Provide informative HR reporting
HR functions have way of catching up with their accounting colleagues. Little use is made of trend graphs when they are surely the key to understanding the HR issues. Are you monitoring your trends? If not then maybe you should acquire some better practice reporting templates. Imagine trying to fight the vast fires of central USA without accurate weather forecasts.

Measure user satisfaction of the HR team
Yes I know, it’s something that you will do next quarter. Come on, you have said that since you started here. Sound familiar? As Nike would say “Just do it”, it won’t hurt as much as you think. The staff know you put your life on the line to put out the fires. They wouldn’t swap jobs. You will be surprised with the positive feedback you will get with properly worded questionnaire.

Train the HR staff in business process re-engineering techniques
HR should be involved in stimulating the use of continuous improvement, total quality management etc, within the organisation. It is very interesting work, it makes major impact on the bottom line, it makes jobs more interesting and cuts out efficiencies.

Reward good interfaces with HR
We all appreciate recognition, especially when we don’t have to wait for it. Some participants in waymark better practice studies have found some clever methods that work, such as handing out film tickets, meals, etc to staff who have gone the extra mile. One function gives bottle of wine each month to the first complete monthly return they receive. This simple thank you has provided the appropriate environment for timely submissions from management. For example you could use this technique to improve the promptness of performance returns or on HR statistics which are gathered through monthly returns.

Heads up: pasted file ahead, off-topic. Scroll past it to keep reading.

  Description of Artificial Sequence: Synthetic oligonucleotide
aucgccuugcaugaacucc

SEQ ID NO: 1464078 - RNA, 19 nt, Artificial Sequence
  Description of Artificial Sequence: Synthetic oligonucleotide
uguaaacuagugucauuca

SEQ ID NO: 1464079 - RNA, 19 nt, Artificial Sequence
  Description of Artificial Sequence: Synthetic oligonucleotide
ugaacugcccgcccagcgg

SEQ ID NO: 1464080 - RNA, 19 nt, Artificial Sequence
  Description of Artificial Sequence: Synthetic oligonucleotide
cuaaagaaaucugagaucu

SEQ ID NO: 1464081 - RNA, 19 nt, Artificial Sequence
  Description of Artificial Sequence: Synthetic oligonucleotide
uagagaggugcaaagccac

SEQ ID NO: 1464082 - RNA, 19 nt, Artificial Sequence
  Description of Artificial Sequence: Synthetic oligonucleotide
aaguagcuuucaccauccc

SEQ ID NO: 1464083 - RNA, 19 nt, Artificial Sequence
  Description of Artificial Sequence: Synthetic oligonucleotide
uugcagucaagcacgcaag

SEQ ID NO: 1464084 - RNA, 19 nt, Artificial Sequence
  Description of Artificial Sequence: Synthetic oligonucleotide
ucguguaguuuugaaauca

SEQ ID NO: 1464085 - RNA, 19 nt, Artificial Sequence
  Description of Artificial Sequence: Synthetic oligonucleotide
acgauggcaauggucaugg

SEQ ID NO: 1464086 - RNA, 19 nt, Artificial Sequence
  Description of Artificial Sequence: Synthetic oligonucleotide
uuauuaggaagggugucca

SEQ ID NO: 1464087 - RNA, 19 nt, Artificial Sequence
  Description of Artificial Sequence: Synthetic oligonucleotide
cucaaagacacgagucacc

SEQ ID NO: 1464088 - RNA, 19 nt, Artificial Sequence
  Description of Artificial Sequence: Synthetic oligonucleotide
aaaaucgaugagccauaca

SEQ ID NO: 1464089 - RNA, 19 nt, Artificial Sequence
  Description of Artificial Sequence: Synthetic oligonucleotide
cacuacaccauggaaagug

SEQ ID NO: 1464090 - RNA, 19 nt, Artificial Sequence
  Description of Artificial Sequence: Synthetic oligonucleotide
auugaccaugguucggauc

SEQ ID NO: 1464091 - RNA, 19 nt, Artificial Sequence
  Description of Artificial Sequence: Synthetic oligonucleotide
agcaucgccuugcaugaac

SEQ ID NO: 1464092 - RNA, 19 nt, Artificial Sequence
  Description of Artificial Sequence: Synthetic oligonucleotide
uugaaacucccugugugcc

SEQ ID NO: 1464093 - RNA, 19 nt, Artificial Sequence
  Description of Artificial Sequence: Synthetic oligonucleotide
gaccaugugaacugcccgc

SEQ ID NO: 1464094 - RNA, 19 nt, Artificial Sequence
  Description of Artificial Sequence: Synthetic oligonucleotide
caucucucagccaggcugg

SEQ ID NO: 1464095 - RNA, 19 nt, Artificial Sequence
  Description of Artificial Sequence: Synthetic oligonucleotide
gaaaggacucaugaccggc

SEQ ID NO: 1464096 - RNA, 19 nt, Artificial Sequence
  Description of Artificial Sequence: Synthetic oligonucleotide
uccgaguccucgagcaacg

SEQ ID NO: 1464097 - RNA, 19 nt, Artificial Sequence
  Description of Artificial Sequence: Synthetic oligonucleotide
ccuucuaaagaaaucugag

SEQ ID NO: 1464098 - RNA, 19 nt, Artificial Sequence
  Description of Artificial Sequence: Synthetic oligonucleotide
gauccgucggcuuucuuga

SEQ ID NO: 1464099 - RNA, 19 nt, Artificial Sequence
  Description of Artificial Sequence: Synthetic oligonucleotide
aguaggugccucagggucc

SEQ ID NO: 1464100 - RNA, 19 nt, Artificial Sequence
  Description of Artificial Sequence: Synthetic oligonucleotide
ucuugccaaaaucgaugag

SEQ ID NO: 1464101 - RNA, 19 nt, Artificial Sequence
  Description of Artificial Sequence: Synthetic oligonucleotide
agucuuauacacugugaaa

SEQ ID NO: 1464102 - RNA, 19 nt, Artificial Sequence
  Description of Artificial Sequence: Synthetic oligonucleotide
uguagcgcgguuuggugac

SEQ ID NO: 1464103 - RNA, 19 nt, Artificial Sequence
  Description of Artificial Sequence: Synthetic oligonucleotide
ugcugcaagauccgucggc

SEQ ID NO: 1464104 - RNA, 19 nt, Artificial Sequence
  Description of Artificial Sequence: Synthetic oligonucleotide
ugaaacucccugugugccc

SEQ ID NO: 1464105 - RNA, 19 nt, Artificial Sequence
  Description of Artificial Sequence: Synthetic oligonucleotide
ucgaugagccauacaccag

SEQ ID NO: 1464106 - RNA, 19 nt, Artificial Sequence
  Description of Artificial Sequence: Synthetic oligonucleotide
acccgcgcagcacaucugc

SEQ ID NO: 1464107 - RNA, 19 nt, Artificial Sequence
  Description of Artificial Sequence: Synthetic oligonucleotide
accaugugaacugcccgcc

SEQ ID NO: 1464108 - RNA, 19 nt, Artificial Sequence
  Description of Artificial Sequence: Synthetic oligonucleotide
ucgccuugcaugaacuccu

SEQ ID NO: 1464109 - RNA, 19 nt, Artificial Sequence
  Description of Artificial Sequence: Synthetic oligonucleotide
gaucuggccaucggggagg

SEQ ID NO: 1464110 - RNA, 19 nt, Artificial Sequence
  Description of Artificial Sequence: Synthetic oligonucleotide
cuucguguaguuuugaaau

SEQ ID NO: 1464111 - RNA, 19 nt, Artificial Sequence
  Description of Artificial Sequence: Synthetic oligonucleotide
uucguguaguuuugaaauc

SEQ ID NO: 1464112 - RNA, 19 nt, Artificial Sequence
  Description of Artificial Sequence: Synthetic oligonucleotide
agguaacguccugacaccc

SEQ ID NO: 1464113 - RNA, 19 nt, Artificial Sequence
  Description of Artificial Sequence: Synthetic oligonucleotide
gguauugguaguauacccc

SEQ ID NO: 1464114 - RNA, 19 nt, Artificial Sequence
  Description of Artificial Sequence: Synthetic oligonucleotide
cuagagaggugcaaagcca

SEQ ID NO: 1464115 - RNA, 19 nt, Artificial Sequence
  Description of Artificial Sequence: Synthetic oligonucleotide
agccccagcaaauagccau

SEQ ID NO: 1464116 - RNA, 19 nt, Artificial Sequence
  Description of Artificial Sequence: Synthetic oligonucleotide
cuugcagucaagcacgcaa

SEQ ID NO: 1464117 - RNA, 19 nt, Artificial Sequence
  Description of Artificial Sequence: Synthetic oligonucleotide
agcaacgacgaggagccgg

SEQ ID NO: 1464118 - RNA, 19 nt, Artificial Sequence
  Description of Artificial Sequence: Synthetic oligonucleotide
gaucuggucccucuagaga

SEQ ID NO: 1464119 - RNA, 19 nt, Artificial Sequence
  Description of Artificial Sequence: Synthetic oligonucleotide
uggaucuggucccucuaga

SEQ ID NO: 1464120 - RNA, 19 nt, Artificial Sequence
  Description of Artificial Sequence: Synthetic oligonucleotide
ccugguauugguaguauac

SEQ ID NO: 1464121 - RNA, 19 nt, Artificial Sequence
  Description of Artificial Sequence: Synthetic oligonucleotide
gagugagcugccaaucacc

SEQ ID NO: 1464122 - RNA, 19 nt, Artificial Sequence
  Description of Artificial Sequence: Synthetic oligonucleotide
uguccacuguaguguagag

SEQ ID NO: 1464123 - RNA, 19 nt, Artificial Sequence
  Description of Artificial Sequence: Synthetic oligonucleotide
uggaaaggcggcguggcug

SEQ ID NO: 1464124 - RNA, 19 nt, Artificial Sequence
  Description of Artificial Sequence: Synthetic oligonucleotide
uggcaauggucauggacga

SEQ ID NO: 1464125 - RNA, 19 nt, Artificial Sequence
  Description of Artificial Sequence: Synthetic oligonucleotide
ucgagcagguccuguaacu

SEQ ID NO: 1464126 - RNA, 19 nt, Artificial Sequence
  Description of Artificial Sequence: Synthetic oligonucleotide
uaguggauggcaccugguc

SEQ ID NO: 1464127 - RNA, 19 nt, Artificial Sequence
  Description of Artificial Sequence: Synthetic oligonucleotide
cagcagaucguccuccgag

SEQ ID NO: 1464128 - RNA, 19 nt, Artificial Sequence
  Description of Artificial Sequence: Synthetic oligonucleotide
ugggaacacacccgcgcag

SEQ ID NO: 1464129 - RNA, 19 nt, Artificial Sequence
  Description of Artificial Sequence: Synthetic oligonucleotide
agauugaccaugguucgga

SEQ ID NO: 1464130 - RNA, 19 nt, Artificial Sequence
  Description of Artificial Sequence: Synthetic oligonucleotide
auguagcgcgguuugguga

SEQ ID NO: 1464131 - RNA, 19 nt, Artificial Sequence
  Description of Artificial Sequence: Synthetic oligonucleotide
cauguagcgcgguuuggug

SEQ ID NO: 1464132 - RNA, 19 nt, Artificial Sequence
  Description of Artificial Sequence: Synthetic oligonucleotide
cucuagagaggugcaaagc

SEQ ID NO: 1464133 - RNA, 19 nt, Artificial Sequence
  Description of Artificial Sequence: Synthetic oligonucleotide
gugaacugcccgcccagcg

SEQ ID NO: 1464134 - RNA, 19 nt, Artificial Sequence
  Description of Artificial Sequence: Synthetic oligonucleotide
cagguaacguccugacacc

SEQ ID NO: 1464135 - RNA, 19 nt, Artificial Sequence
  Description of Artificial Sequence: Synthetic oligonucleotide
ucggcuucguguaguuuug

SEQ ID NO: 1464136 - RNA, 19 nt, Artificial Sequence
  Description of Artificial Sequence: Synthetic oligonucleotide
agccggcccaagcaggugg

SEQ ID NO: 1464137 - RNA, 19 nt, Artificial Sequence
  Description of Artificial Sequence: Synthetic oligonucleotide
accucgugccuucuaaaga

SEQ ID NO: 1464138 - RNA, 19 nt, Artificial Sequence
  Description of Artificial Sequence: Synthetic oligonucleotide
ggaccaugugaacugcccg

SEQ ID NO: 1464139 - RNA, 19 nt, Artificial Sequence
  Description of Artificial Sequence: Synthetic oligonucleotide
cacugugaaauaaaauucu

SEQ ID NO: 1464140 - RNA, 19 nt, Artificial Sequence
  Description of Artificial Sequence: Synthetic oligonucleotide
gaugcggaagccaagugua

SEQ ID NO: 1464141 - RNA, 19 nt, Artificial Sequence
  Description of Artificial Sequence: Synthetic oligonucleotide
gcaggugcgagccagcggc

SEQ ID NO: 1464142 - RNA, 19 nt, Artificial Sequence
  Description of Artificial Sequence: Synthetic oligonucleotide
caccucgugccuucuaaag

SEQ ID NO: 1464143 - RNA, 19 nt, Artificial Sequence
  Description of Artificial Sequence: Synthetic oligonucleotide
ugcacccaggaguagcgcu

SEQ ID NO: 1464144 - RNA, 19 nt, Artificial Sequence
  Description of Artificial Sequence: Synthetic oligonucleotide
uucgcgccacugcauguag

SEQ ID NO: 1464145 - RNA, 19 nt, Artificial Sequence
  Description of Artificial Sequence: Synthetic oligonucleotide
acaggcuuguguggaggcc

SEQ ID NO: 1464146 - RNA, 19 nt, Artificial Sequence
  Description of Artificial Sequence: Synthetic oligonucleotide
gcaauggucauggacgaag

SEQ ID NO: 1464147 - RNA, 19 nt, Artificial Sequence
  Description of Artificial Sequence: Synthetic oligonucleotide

Steps you can take

?take hold of the strategic “high ground”
?involve HR in an all embracing induction cycle
?get involved in cross functional projects
?price your time
?join better practices study
?provide informative HR reporting
?measure “user” satisfaction of the HR team
?train the HR staff in BPR techniques
?reward good interfaces with HR

last words

?make time to market HR to the senior team
?increase HR’s influence over strategic planning
?join better practice study to get access to better practice templates and contacts
?implement at least one improvement to the work environment every three months
?run user satisfaction survey on HR
?set up coffee with the CEO now
?increase the linkage between management and new information systems recruits

David Parmenter is the managing director of waymark solutions limited, Wellington, New Zealand. waymark helps HR functions align themselves with better practice, using better practice templates. Email:[email protected]

Visited 52 times, 2 visit(s) today

A focus on culture

Rabobank’s 520-plus New Zealand employees work from 27 locations – places like Ashburton, Pukekohe and Feilding and from a purpose-built head office in Hamilton. Its employees are proud of the

Read More »
Close Search Window